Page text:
They say that with great power comes great responsibility—and money is a form of power. Minkah Fitzpatrick is now the highest-paid safety in NFL history, and one of the highest-paid players on the Pittsburgh Steelers roster behind only T.J. Watt. So what does that mean for him, personally? Does it place more pressure on him to be great?
“I think because I’ve done it there’s no pressure for real”, he told reporters during his press conference following the signing of his new contract. “That’s the standard that I hold myself to, day in and day out. It’s the standard that my teammates hold myself to, day in and day out. But no, I don’t think there’s any pressure. I mean, obviously I have to hold myself to that standard. But [it’s] just an opportunity to prove that I am what I say I am”.
A former 11th-overall pick out of Alabama in 2018, Fitzpatrick first found his way to Pittsburgh via trade two games into the 2019 season. He quickly established himself with the Steelers, being named a first-team All-Pro both that year and in the following season. Although he did not receive post-season accolades in 2021, he remains regarded as easily one of the top safeties in the NFL.
Fitzpatrick posted 129 tackles last season, which is not a good thing because of what it meant for the defense, but his high tackle count is a testament to his ability to play as that last line of defense—had he not done it so well, his tackle count would be lower and the Steelers’ run defense would have looked even worse.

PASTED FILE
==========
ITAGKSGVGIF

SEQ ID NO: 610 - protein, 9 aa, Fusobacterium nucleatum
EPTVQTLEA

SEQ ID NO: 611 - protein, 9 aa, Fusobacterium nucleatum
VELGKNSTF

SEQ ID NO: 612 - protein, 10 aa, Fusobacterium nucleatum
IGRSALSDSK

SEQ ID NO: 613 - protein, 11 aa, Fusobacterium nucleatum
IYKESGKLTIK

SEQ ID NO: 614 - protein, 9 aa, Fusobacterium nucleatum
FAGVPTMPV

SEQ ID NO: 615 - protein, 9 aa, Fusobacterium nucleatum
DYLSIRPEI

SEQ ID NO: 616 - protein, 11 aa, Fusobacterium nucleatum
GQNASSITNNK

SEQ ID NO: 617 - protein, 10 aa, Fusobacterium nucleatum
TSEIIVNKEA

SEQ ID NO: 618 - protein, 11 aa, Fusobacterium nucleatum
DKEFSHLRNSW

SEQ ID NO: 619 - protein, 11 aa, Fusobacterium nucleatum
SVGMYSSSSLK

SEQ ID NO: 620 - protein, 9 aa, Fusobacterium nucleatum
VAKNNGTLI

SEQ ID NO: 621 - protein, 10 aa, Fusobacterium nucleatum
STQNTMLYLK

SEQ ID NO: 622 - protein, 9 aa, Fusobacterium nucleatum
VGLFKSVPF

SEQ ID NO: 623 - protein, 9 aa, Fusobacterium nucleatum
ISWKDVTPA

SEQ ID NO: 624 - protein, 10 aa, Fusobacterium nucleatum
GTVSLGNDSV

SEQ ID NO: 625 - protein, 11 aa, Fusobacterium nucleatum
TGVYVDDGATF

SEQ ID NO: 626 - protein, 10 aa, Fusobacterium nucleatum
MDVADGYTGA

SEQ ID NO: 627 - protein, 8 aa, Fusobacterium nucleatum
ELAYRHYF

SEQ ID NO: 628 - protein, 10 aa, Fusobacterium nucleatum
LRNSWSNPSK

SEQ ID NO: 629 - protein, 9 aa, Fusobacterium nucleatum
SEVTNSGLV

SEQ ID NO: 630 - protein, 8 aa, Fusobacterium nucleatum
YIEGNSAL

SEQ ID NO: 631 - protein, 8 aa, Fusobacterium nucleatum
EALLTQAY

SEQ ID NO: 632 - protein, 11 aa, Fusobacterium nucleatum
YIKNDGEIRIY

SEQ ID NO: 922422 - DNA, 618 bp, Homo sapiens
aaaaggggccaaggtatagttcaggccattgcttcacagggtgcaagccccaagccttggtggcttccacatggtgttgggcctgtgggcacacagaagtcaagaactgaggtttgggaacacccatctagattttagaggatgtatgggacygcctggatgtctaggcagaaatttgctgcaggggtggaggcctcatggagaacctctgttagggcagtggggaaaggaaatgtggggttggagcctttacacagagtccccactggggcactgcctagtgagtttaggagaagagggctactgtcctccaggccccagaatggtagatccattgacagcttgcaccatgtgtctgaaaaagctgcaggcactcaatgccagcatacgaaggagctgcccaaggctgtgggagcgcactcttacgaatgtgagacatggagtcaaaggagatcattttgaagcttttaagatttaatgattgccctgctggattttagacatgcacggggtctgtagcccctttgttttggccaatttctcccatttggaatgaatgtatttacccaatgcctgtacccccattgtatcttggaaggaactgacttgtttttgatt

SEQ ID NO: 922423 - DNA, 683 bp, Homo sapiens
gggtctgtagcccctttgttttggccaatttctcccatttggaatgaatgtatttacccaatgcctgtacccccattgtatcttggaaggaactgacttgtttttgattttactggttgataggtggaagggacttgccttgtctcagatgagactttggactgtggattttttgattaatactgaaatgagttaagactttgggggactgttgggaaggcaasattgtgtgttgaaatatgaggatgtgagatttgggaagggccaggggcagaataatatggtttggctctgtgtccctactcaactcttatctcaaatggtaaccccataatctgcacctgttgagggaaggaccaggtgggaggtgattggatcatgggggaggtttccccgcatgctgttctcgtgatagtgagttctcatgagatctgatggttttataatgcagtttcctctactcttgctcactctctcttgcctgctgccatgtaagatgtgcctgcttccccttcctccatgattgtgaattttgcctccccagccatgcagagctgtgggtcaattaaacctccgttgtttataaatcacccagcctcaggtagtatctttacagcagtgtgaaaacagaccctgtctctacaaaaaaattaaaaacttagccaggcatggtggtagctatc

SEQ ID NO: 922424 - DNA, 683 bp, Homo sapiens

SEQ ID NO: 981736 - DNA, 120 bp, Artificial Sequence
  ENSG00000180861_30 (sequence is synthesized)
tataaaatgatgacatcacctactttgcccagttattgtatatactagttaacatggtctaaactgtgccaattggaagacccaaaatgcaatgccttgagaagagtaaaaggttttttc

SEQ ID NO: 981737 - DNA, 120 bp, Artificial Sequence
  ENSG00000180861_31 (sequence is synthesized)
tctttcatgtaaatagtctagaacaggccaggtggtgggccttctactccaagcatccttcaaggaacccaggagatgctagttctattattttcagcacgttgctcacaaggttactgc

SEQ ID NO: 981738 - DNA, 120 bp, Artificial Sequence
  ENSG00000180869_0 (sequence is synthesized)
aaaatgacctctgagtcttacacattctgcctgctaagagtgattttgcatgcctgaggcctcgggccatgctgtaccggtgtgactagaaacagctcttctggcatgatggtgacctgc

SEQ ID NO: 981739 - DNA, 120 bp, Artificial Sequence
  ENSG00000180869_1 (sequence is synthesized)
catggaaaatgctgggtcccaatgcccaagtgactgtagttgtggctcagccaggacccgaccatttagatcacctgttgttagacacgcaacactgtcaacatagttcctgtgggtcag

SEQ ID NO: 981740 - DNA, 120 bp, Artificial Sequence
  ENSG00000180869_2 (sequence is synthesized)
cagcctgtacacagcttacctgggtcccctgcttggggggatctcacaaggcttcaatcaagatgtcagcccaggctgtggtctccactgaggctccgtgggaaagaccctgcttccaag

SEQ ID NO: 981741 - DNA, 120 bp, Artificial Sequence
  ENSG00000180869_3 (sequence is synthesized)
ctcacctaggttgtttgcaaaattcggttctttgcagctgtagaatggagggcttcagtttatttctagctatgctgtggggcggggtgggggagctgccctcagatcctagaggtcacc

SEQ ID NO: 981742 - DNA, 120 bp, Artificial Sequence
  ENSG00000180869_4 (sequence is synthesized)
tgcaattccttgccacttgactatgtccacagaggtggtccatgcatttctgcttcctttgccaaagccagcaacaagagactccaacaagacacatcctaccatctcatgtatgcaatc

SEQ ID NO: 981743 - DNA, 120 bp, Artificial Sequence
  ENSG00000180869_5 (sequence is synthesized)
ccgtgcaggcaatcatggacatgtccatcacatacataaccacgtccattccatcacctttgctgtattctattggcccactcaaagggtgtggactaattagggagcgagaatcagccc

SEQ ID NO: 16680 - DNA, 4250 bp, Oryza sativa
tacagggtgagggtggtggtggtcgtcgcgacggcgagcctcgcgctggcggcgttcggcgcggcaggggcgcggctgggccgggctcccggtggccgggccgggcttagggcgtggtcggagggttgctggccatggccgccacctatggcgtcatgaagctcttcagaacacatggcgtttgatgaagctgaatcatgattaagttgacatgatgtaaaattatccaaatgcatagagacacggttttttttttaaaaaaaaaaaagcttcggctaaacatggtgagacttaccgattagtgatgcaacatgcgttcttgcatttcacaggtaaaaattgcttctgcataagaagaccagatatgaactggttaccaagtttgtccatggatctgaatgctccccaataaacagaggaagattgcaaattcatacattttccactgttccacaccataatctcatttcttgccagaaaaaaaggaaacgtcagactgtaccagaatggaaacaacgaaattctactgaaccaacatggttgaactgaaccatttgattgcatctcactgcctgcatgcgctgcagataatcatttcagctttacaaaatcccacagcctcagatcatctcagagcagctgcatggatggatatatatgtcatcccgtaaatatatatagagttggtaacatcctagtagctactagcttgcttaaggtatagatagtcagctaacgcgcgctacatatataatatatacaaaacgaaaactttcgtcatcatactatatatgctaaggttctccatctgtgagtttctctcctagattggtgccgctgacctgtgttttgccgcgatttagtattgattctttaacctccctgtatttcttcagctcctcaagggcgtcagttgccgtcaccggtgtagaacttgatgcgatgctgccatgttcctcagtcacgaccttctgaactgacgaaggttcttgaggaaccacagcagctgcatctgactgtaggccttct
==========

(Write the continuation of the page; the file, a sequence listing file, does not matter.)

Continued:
He ‘only’ had two interceptions last season, and seven passes defensed, compared to the nine and 20 that he had combined over the previous two years in Pittsburgh, but teams were still throwing away from his direction.
The season started somewhat precariously for him, as the Steelers were undecided about how they would tackle the slot nickel position after losing Mike Hilton in free agency. They also parted with Steven Nelson, propelling Cameron Sutton into the starting lineup.
As a result, there was a lot of mixing and matching going on in the early portions of the season, which found Fitzpatrick spending time in the slot and even in the box. It wasn’t until more around midseason that they began to solidify roles and find candidates to go jobs Fitzpatrick then wouldn’t have to do, allowing him to focus on the area in which he excelled, which was free safety.
And surprise, surprise, he was once again one of the very best safeties in the NFL during the second half of the season when he was allowed to be the player that they originally acquired him to be. Those who care saw it on tape. He knows he has nothing to prove in terms of his past resume. Now it’s just about continuing to be the player he is—only a better version of it each year.